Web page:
Sources not mentioned in text:

An Ocean of Problems

You can be sure, or at least hope, that the many effects of climate change will be addressed this week in Paris, and I’ve got my fingers crossed for some truly meaningful progress to be made. But there is one problem that many people remain startlingly unaware of; the effect that climate change is having on the world’s oceans.

At first glance that might not seem like much of a problem. I mean, what does the ocean do for us? Right? Well it turns out it actually does an awful lot for us humans, and all these services are at risk as the effects of rising temperatures mount up.

The ocean is actually an integral part of the climate system, taking up around 90% of excess energy in the form of heat. It still continues to take up heat to this day, and is an important factor in slowing the atmospheric warming we are so much more concerned about. This heat uptake causes the ocean water column to warm as well, and it is now detectable around the globe to depths greater than 2000m. This not only has a negative effect on ocean ecosystems, but weakens it’s ability to absorb heat in the future.

This is due to the phenomenon known as “Thermohaline Circulation”, meaning the circulation of both heat (thermo) and salt (haline) within the ocean. The mixing occurs due to differences in density, which is determined by both the temperature and salinity of the sea water. The colder and more saline the water, the greater the density. This means that colder water will sink, and will rise again as it travels the worlds ocean currents and warms.

What the increasing temperature of the oceans means is that, due to the fact that a certain volume of water can only absorb so much heat, any excess heat will be taken up by the less dense water being mixed downwards, causing the lower, colder areas of the ocean to warm. This will cause warming throughout the entire water column and the Thermohaline Circulation will become stabilised, as the increasing temperatures mean that density differences will be reduced.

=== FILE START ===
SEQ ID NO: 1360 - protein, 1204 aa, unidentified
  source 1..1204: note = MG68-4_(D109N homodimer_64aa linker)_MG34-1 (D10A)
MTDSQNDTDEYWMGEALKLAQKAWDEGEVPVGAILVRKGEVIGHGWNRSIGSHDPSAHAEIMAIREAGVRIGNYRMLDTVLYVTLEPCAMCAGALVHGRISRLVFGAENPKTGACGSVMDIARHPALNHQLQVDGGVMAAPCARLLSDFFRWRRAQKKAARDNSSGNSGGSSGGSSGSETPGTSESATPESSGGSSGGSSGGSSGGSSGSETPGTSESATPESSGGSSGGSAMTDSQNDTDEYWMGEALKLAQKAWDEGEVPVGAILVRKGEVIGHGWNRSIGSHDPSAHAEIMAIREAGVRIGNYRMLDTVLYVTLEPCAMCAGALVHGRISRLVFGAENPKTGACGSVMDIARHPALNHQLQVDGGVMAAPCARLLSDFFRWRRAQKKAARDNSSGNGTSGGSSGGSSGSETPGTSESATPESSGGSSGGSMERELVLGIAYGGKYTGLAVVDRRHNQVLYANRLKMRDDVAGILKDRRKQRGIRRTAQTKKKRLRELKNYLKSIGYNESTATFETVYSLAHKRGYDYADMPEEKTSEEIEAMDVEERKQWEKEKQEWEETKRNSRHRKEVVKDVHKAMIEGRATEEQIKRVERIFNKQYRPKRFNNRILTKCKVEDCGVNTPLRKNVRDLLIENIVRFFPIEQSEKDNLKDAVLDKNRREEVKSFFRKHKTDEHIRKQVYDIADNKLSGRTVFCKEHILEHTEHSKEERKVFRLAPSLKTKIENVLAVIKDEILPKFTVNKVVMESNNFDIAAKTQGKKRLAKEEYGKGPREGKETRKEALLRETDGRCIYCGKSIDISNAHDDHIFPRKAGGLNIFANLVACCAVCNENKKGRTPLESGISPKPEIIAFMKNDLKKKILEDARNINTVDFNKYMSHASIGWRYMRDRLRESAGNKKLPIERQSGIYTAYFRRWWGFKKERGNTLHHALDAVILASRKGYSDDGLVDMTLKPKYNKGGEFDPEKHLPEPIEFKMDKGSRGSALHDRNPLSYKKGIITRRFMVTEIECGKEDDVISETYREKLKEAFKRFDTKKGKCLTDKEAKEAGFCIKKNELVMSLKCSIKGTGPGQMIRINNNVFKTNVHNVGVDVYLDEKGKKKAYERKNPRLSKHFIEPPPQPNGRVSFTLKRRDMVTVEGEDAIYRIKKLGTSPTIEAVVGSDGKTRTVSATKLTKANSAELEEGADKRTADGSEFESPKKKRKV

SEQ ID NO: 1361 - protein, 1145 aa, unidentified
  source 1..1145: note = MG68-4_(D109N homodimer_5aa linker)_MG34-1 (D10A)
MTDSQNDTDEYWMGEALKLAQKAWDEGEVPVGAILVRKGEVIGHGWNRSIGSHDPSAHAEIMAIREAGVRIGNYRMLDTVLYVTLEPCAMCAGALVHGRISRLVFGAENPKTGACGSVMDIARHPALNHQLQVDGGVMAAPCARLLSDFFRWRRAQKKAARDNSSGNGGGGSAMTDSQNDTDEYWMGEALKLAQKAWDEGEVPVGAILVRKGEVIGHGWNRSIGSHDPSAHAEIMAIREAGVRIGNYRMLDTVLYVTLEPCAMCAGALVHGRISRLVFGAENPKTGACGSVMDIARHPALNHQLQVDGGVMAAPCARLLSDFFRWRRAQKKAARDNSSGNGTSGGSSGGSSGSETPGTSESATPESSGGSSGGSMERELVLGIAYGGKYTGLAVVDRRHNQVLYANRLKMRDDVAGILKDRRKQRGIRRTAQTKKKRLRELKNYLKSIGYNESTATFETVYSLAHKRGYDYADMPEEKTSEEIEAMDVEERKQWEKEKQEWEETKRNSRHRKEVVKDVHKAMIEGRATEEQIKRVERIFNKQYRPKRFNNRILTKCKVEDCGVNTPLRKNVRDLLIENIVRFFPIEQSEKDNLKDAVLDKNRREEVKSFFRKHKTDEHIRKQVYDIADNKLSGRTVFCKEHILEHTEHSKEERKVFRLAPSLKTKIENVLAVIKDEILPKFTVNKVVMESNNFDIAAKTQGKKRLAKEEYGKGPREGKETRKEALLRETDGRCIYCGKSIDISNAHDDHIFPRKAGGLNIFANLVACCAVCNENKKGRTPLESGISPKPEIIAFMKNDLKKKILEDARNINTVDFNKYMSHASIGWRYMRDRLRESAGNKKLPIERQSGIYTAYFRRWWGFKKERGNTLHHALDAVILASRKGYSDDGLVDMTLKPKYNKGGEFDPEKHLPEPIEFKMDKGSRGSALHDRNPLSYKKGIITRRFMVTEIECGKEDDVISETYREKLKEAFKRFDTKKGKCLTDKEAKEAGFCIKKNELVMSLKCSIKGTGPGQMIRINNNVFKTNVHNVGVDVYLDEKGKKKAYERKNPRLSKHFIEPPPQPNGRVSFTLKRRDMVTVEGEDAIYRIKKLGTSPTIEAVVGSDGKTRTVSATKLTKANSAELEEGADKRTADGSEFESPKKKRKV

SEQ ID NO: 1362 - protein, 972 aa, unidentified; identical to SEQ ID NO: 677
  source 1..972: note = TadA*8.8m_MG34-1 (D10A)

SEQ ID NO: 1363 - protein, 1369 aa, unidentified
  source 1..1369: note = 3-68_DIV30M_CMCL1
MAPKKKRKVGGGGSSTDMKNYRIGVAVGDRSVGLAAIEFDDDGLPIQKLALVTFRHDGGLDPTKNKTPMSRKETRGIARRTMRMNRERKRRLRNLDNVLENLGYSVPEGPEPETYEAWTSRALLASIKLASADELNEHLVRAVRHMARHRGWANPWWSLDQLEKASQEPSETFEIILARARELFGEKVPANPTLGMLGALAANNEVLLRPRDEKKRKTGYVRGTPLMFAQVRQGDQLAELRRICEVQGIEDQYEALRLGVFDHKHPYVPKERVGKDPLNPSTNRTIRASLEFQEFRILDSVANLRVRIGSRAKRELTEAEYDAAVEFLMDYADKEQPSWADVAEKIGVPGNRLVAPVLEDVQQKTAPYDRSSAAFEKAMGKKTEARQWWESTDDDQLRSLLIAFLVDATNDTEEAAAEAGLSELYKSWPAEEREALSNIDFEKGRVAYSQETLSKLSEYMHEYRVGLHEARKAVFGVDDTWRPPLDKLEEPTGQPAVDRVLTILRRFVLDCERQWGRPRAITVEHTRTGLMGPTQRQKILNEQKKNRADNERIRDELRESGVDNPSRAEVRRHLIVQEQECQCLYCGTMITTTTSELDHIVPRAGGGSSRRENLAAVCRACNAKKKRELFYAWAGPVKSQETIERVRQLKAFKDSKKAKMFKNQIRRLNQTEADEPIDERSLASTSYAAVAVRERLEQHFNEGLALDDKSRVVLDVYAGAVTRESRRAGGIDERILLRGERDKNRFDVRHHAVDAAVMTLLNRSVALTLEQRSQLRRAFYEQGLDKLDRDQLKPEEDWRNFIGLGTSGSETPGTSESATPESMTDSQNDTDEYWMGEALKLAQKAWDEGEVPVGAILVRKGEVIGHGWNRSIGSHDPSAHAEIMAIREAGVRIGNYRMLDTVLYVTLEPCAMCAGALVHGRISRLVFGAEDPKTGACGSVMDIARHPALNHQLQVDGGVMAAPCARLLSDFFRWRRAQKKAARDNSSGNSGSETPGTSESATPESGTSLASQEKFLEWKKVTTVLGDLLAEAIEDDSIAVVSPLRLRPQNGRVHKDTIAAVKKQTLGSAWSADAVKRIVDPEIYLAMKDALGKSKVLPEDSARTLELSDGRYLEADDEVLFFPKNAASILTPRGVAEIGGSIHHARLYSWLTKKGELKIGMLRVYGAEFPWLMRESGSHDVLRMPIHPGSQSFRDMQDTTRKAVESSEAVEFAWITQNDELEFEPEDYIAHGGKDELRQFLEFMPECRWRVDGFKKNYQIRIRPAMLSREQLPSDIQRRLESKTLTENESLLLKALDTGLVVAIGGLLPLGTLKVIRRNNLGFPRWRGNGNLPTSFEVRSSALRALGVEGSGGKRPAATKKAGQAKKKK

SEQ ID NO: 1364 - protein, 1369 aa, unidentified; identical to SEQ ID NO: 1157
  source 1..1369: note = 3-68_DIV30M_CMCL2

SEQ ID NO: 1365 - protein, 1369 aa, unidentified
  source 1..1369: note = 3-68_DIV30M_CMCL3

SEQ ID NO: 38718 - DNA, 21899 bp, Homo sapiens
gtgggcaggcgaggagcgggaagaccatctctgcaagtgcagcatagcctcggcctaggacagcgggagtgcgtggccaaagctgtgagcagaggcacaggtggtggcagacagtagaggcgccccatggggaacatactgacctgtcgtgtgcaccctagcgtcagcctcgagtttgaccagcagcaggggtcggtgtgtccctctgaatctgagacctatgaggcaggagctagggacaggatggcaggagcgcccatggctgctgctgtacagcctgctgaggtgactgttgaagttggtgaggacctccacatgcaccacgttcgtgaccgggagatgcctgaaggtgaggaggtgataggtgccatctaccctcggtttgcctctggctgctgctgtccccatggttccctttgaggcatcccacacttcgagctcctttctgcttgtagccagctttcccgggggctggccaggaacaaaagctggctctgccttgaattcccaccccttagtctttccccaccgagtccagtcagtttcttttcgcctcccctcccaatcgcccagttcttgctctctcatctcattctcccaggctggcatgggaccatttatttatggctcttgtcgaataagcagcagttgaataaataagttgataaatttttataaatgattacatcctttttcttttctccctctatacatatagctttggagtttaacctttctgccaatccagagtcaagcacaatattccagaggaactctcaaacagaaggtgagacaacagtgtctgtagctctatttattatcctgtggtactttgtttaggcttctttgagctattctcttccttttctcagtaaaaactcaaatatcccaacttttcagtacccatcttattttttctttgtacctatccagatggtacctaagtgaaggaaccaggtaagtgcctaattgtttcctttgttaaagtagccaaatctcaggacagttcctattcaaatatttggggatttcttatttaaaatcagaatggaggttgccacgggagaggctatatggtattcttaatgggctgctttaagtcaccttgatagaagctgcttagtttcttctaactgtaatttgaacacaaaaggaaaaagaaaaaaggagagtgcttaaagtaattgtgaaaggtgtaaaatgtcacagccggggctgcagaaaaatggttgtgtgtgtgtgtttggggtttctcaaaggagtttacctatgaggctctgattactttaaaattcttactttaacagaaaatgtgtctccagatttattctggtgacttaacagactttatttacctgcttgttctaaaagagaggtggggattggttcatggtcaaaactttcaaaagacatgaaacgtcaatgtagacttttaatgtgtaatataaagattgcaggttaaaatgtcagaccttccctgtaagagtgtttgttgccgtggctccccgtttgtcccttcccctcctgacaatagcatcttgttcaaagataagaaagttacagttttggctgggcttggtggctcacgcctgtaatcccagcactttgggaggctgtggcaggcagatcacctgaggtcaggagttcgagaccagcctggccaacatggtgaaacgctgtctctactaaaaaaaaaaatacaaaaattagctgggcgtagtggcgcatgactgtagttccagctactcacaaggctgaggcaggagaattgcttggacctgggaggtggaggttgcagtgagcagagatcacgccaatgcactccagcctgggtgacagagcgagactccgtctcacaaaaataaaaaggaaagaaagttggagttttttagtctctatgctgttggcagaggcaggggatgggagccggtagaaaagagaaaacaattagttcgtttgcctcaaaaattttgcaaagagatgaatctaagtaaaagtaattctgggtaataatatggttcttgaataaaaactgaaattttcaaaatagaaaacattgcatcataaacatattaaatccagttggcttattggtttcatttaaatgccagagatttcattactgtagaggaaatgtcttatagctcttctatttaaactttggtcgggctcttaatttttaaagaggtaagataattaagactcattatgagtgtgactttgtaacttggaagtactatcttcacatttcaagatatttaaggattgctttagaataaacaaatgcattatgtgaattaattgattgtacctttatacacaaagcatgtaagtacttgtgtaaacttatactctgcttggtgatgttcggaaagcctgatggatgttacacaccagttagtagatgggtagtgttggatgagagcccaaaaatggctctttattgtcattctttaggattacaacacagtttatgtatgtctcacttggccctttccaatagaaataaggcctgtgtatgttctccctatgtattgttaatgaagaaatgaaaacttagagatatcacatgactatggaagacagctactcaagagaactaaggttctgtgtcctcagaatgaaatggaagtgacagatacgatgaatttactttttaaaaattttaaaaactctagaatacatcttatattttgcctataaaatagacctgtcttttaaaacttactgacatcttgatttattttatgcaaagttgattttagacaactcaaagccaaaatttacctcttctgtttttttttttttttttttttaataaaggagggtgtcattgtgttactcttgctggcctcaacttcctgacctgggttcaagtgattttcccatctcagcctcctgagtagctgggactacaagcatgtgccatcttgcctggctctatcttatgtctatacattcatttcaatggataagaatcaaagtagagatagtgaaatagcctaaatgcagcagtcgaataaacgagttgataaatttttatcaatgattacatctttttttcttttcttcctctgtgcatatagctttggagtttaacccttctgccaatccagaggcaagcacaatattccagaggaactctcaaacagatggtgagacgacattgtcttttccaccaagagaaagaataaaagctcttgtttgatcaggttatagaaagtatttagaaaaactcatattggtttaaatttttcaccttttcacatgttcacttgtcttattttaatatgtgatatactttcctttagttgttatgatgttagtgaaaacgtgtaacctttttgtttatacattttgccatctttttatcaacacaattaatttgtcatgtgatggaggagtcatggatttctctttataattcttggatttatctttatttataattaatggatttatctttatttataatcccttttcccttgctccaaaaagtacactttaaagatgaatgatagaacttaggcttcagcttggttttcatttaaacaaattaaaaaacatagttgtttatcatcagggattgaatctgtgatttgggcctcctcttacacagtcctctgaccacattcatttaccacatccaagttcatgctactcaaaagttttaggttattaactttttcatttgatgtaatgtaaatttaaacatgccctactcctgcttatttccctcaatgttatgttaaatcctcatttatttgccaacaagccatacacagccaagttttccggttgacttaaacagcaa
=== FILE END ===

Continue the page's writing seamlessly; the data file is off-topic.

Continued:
This means that the mixing process will be slowed, maybe even stopped altogether if the warming continues, and the transportation of heat energy around the ocean will become much less efficient. This would make the ocean much less capable of absorbing heat from the atmosphere, as there would be fewer areas of water that are cold enough to absorb a meaningful amount. So where would that heat go now? Well… nowhere. It would remain the atmosphere above the ocean, and its warming would proceed at a much faster rate due to the loss of this regulatory system.

But ocean circulation would not be the only thing affected by the ocean warming. The intensity and frequency of extreme weather would also change, as well as the extent of the areas affected by them. Cyclones and extreme weather events pick up a lot of energy from the ocean in the form of heat. The air above the ocean’s surface contains a great deal of water vapour, and as this air rises and the vapour condenses, the heat absorbed during evaporation is released into the surrounding air. This causes an expansion of the air and a decrease in pressure, which then facilitates the rising of more air from the ocean’s surface. This process feeds more energy into the cyclone or weather system, increasing it’s intensity.

A warming ocean not only increases the amount of heat energy available to these weather events, but since the warming is occurring across the globe the energy exchange can occur over a much larger area. This means that previously unaffected areas of the world may have to rapidly adapted to dealing with these storms, and a poleward shift in the zones of maximum intensity has already been observed.

I hope you’re now thinking “Wow, this could actually really fuck things up”. Well there is more bad news to come my friends, as the ocean is not only getting warmer, it also is getting more acidic. The oceans also does us the service of removing some of our CO2 emissions from the atmosphere, and has absorbed around 28% of human-produced CO2 since the start of the industrial revolution. Doesn’t sound like much? Well it’s equal to approximately 150 billion tons of the stuff.